14.35 USD -0.66%
  • NG
    2.27 USD 0.27%
    256.22 USD -1.15%
    70.04 USD -2.02%
  • XAG
    23.96 USD -0.14%
  • XAU
    2010.5 USD 0.48%
  • XCU
    3.73 USD -1.34%
  • XPD
    1478 USD -0.78%
  • XPT
    1048 USD 0.64%
  • ALU
    2243.47 USD -2.23%
  • RICE
    18 USD -1.75%
    74.17 USD -1.32%

Germany is trying to negotiate gas supply terms with Qatar

As part of the process of getting rid of Russian gas, Germany has decided to negotiate with Qatar for the supply of liquefied natural gas.

According to some information from Reuters, the negotiations are expected to have serious differences on issues such as the length of the contract or whether Germany could resell the gas to other European countries after receiving it.

The Qatari side wants a minimum 20-year commitment from Germany. However, Germany does not seem to be too keen on this. This is not surprising, given that the German government is a coalition government with a strong Green Party, which wants to go as green as possible in the future.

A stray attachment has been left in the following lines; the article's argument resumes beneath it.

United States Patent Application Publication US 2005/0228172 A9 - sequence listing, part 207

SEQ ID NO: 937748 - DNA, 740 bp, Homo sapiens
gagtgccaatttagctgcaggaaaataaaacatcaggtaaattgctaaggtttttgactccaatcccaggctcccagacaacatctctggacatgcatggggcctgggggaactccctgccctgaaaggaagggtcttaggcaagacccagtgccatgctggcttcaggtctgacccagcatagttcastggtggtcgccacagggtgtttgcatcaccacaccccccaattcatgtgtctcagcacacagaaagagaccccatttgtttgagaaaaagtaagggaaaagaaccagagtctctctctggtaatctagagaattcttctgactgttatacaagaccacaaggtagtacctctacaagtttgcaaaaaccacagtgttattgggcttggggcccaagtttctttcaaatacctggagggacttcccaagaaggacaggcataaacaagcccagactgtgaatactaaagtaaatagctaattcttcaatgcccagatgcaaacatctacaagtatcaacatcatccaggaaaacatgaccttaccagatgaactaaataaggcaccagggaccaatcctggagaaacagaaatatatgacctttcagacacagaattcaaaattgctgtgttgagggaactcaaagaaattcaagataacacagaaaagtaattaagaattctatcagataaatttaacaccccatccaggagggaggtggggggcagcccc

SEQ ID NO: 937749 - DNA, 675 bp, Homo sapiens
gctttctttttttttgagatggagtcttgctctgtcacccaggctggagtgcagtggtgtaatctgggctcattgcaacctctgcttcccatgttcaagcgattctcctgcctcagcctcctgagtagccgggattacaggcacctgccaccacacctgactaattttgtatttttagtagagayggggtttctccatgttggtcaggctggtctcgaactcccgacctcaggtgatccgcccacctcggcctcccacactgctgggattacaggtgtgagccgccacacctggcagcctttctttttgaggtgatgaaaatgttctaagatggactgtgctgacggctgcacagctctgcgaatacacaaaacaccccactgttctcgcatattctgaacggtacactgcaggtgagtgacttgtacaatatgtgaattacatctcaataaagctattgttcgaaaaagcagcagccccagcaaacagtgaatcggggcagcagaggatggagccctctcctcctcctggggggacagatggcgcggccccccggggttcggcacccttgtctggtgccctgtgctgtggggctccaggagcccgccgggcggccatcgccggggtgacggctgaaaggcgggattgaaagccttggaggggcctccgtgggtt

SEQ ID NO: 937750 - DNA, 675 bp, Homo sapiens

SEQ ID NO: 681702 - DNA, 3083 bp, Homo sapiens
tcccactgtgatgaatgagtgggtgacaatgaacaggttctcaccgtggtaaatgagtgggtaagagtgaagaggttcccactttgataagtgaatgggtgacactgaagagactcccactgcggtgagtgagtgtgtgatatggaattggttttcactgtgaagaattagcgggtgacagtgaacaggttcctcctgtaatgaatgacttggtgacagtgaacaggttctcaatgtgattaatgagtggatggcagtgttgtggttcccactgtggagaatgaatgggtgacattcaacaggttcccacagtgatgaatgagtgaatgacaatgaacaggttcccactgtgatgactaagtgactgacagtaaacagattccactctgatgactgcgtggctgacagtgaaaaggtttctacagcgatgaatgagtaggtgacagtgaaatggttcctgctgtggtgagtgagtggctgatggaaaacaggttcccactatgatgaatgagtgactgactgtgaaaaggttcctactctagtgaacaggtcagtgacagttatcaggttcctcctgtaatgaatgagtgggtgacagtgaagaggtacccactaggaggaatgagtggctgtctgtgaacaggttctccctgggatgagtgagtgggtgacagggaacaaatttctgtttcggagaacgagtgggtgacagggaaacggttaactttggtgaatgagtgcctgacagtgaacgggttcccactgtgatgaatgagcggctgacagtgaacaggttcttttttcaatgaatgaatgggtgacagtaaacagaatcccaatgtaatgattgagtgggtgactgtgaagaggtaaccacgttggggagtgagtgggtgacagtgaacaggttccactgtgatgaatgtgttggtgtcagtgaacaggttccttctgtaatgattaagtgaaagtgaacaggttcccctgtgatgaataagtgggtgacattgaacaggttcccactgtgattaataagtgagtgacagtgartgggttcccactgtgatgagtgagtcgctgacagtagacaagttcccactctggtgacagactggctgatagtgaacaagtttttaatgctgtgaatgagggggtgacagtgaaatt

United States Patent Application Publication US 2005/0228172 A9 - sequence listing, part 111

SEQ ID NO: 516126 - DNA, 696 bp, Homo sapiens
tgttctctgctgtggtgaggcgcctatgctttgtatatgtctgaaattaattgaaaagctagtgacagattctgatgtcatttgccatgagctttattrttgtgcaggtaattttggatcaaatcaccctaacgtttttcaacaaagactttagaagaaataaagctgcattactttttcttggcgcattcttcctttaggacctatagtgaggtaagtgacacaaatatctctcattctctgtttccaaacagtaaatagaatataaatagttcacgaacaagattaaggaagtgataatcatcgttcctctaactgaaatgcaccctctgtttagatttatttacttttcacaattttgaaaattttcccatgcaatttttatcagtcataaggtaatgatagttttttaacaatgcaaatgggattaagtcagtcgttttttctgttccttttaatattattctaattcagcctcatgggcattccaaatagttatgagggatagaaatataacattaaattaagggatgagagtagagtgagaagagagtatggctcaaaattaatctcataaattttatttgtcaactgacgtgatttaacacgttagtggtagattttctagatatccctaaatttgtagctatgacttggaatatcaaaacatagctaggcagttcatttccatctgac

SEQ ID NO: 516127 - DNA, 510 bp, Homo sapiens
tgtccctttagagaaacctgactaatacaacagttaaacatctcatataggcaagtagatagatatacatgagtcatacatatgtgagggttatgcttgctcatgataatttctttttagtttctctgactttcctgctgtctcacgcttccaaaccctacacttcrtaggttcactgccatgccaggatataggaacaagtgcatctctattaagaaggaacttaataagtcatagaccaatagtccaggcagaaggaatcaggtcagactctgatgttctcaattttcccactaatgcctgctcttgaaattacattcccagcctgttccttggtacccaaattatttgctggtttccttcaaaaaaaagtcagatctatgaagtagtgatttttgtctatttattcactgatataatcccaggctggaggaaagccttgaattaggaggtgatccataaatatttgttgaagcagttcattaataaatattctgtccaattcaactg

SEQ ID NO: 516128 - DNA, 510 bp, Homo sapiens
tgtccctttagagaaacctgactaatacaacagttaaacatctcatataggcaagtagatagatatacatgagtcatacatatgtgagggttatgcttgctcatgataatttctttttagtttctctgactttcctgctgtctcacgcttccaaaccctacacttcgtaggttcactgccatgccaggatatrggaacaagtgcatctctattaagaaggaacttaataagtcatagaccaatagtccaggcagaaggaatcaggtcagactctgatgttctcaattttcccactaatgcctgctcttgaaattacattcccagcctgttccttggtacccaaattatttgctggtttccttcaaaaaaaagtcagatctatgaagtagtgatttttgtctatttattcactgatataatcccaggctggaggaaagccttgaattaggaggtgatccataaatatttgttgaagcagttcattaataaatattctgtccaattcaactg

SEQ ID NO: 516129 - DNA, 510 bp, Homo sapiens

Related: EU wants to ban Russian oil imports by the end of the year

The Green Party has played a large part in Germany doubling down on its plans for a transition Under this government, the EU’s largest economy has doubled down on its plans for a transition to renewable energy. As Germany wants to reduce its emissions by 88% by 2040, this 20-year commitment is unlikely to allow them to do so.

Germany and Qatar flag together

Suppliers are in a position to choose and impose conditions

At the moment, the situation is that LNG suppliers like Qatar, but also the US or even Australia, can choose who they supply. It can therefore be expected that all these countries will require similarly long contracts. In terms of their own business, long-term contracts are, after all, a form of guarantee.

Read also: Africa as a new source of the world’s metal?

The EU now finds itself in a difficult situation where, on the one hand, it wants to get rid of fossil fuels altogether, but on the other hand, it still needs them urgently and must find ways of getting them as quickly as possible. So it looks as if cutting the EU off from Russian gas will not be as easy as it first seemed.

We will therefore see what agreements are reached in the coming days and what supplier will eventually replace Russia.

Bruno is an Investment enthusiast with several years of experience in the industry. He enjoys following the latest news and technology trends...


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